I was doing laundry this week and discovered that my Duckies (Ravel linked) had lost their heel. Not just a little worn spot. The entire heel was just gone, like someone had gone Duck Hunting and just blown the heel out. Not sure how this happened, but to say the least, I was shocked and really bummed. I just finished these in September and now they were DOA. The picture above is of my Duckies in happier times.
But as I looked at that poor sock without a heel (there is a joke there, I mean we can all live without heels in our lives) I had some real qualms about throwing it out since the other sock was fine. Then again, on cold nights, I don't care if my socks don't match--one wool sock is as good as the next. Then again, I wasn't about to just toss all my work away--and that was the rub. I adore my hand knit socks, and I labor and labor to get them done, so I couldn't bring myself to pull the life support on this barely breathing sock.
No, it was time to do some good ol' fashioned fixin'. And yesterday afternoon I did just that.
I got out what I figured I would need: a yarn needle, the dpns I used to knit the sock, scissors and the leftover yarn. Now see, there is a reason to keep all those bits of sock yarn. Now it isn't like I haven't darned socks before. When I was a poor college student, I darned and patched just about everything I had and had a small side business repairing jeans. I remember my mom and my grandmother darning my dad's thick hand knit hunting socks, so operating on my poor Duckie couldn't be too hard.
I sort of examined the patient again, and slid one of my dpns into the first row that appeared to be entirely whole and intact.
then snipped back the really fuzzy stuff until I got to solid stitches I'd captured with the dpn. Then I did that all the way around. I went very slowly because I didn't want the entire thing to unravel, but having been worn a bit and the insides were all feltly, the stitches held together rather well.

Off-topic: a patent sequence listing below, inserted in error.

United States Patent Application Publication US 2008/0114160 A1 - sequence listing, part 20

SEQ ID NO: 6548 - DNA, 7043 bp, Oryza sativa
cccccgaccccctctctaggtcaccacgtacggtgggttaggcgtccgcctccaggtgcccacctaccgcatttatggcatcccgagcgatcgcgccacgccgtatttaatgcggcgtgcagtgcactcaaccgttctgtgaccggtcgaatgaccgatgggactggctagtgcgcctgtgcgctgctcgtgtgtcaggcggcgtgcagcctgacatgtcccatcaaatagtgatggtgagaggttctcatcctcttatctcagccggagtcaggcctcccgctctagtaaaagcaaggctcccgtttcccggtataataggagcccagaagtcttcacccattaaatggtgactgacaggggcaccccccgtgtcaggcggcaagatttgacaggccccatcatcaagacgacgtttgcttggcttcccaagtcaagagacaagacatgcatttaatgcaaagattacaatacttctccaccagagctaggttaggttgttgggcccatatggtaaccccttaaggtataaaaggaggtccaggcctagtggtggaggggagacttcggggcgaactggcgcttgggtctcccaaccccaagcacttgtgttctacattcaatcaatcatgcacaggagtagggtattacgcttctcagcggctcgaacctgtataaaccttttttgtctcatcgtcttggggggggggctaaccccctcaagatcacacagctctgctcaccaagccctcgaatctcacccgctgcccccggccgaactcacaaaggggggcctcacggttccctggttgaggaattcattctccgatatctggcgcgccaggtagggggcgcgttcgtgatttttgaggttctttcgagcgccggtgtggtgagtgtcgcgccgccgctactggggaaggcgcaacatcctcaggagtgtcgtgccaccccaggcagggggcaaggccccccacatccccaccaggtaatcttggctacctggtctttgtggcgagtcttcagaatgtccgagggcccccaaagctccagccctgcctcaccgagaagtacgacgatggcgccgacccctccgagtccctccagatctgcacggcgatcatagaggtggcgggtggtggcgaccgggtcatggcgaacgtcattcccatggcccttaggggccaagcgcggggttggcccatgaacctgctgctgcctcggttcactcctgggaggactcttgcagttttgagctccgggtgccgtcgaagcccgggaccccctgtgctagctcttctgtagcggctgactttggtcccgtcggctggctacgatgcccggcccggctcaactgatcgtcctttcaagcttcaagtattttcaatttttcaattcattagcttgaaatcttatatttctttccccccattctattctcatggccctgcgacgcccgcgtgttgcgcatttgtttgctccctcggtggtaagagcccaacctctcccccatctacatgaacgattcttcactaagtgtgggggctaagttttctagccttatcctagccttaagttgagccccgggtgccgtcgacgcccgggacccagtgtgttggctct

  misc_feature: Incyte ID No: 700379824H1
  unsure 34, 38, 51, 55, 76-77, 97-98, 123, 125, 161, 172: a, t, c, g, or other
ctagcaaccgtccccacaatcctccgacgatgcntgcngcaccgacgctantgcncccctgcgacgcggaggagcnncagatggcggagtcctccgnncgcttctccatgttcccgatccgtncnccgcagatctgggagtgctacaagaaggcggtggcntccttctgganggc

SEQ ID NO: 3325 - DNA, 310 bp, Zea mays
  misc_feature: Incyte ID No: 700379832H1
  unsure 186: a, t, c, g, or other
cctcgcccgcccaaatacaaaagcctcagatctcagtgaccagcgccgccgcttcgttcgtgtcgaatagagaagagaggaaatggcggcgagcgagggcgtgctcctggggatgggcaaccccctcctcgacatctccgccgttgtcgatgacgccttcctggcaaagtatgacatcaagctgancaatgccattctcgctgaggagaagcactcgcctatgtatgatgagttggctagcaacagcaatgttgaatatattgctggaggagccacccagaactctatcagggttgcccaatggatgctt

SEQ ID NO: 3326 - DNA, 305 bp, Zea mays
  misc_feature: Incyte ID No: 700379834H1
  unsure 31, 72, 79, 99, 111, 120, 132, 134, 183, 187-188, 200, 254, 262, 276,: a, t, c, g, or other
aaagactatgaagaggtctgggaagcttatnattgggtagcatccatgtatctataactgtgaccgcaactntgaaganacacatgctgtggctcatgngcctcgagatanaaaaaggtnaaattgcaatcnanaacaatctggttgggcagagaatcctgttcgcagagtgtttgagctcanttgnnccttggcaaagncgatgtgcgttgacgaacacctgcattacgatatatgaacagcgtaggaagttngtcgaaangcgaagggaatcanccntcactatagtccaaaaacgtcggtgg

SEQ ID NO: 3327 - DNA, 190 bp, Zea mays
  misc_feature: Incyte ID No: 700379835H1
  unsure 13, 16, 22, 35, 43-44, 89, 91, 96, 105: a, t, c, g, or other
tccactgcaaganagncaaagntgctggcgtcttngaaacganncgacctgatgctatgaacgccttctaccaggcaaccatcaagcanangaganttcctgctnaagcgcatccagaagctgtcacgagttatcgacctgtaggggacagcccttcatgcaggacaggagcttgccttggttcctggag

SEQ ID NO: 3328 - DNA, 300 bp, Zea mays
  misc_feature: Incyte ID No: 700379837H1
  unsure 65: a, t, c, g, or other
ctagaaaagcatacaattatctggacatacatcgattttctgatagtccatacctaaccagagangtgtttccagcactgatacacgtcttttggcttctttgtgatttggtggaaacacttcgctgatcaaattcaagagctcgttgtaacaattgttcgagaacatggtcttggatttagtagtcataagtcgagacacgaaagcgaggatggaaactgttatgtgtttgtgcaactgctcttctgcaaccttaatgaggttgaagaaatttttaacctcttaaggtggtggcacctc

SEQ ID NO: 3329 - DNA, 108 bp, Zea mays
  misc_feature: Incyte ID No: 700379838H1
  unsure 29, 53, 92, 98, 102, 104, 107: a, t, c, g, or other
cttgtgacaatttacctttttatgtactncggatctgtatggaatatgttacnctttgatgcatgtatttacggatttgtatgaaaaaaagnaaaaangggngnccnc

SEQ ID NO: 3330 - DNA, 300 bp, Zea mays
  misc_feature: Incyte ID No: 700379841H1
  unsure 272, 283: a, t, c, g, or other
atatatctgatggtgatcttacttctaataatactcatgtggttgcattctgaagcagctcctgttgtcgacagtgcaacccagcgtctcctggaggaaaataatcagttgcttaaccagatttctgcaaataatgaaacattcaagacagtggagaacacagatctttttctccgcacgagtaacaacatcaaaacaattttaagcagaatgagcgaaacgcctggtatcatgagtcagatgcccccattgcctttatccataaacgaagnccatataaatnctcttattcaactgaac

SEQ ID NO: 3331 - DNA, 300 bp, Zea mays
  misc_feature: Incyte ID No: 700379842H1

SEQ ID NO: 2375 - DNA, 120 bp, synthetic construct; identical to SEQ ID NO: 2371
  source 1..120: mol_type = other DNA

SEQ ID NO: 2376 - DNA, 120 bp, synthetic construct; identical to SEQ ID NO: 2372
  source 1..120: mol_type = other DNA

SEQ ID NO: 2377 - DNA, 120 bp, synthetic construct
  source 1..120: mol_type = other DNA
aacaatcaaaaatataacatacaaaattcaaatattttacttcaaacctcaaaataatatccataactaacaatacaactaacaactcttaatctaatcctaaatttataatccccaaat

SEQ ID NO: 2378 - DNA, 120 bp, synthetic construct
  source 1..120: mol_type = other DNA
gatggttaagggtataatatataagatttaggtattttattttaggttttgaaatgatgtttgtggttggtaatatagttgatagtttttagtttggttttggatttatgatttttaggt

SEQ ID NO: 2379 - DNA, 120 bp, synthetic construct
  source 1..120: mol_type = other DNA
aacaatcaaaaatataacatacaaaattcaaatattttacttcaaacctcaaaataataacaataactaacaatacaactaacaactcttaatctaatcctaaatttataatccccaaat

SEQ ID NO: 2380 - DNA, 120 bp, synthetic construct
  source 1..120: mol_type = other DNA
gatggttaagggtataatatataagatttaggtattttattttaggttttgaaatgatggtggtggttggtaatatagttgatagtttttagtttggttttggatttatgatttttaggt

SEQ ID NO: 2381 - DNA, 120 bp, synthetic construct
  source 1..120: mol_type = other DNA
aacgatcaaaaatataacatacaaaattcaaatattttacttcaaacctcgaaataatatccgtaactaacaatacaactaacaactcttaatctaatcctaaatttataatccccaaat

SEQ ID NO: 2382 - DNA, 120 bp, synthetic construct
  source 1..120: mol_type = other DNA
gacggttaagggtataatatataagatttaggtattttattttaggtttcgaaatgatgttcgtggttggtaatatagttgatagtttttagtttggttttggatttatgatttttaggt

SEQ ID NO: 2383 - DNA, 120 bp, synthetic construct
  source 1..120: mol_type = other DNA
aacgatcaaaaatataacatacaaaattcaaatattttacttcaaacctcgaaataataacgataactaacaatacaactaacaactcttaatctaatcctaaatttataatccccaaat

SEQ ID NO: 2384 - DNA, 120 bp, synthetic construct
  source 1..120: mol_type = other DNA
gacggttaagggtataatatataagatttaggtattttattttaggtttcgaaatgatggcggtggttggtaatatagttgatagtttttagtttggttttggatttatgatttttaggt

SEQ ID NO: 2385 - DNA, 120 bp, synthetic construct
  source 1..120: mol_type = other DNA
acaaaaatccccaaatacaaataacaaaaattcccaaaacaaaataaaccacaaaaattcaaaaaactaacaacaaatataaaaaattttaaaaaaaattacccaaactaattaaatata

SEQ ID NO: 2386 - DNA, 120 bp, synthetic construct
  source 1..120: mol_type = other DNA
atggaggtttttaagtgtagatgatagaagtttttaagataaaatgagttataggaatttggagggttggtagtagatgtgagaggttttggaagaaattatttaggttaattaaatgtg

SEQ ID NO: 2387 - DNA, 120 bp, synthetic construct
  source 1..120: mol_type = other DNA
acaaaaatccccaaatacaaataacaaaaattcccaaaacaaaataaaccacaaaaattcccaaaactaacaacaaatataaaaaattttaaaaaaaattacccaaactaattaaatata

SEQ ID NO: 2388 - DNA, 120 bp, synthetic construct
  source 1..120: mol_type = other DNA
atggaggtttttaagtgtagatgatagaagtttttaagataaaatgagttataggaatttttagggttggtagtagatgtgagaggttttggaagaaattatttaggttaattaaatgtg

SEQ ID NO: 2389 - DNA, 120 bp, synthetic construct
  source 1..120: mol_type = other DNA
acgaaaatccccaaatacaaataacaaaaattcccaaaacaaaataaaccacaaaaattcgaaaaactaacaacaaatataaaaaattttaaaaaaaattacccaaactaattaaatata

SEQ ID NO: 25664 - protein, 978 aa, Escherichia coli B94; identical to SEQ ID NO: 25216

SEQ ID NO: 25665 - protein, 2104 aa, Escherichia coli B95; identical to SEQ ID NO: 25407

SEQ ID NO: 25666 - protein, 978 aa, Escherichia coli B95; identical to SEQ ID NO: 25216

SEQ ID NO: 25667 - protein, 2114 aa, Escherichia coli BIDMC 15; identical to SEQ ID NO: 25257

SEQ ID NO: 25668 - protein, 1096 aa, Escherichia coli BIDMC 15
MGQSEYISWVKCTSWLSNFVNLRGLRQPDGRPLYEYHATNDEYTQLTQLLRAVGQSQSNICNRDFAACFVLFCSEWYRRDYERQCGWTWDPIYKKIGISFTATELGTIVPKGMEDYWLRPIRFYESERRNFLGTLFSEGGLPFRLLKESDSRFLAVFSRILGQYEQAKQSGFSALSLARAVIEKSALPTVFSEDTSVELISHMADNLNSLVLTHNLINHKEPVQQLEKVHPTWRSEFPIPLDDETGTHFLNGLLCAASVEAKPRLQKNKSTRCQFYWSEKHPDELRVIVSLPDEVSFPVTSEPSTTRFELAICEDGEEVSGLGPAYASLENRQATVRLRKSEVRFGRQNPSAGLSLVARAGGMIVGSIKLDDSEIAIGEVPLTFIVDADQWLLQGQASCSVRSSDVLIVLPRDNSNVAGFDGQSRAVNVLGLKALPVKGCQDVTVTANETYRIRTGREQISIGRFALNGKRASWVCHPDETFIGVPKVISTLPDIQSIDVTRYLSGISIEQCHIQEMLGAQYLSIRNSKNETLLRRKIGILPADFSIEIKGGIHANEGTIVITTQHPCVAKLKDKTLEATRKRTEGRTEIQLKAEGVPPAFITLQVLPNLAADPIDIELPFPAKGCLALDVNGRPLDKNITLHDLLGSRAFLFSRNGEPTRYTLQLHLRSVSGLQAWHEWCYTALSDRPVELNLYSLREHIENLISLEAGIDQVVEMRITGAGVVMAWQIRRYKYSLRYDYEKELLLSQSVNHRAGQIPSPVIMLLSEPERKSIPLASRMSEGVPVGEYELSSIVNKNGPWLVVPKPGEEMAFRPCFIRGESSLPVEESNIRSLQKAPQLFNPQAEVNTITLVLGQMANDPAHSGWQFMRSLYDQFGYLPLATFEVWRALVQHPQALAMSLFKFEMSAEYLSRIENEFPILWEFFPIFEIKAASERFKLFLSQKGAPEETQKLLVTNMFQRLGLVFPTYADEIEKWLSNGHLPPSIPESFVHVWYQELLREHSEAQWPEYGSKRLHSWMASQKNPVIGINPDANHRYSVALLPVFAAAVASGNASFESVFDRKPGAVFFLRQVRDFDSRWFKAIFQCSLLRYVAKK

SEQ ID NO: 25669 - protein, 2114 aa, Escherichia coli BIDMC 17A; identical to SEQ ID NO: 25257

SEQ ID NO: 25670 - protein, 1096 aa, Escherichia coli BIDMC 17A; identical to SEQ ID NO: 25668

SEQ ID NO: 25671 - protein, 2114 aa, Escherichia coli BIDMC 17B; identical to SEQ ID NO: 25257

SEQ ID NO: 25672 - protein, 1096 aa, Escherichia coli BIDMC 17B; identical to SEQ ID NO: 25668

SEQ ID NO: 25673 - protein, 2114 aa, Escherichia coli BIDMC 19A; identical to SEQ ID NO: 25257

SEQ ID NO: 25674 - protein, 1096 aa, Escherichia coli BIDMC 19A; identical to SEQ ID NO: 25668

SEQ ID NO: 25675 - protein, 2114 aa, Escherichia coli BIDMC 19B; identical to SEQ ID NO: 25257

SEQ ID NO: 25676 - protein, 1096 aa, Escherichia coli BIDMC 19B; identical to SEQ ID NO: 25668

Then I knit a round just to make sure all the sides were now solid, new stitches. Then knitting only on the sole stitches, I knit up a new heel, making a triangle out of the sole stitches. I'd decrease 1 stitch on both sides every other row, until I had about 5 sole stitches left.
Then I grafted the remaining 5 sole stitches to the 5 center back leg stitches, and then sort of grafted the knit edges of the new heel to the remaining live leg stitches, using an improvised Kitchener stitch. And voila, my Duckies, they live to quack another day.
I am disappointed in this yarn, (Three Irish Girls Kells Sport Merino) because the insides are felting to pieces, and they are wearing out so quickly, so I don't think I'll knock myself out to knit socks with it again.
In comparison, here is the first pair of socks I knit nearly eight years ago, and they too finally had the heel start to wear out. After eight years, not just a few months. Goodness, where did I put that leftover yarn . . .
When the yarn starts to get a mind of its own, then it's time to knit the stash.
Welcome to my blog. My name is Elizabeth, and I've been knitting off and on since I was seven. I come from a long line of knitters, crocheters and quilters and love anything to do with fiber. Since I live in a house filled with male DNA, this is where I get to share my projects and notions.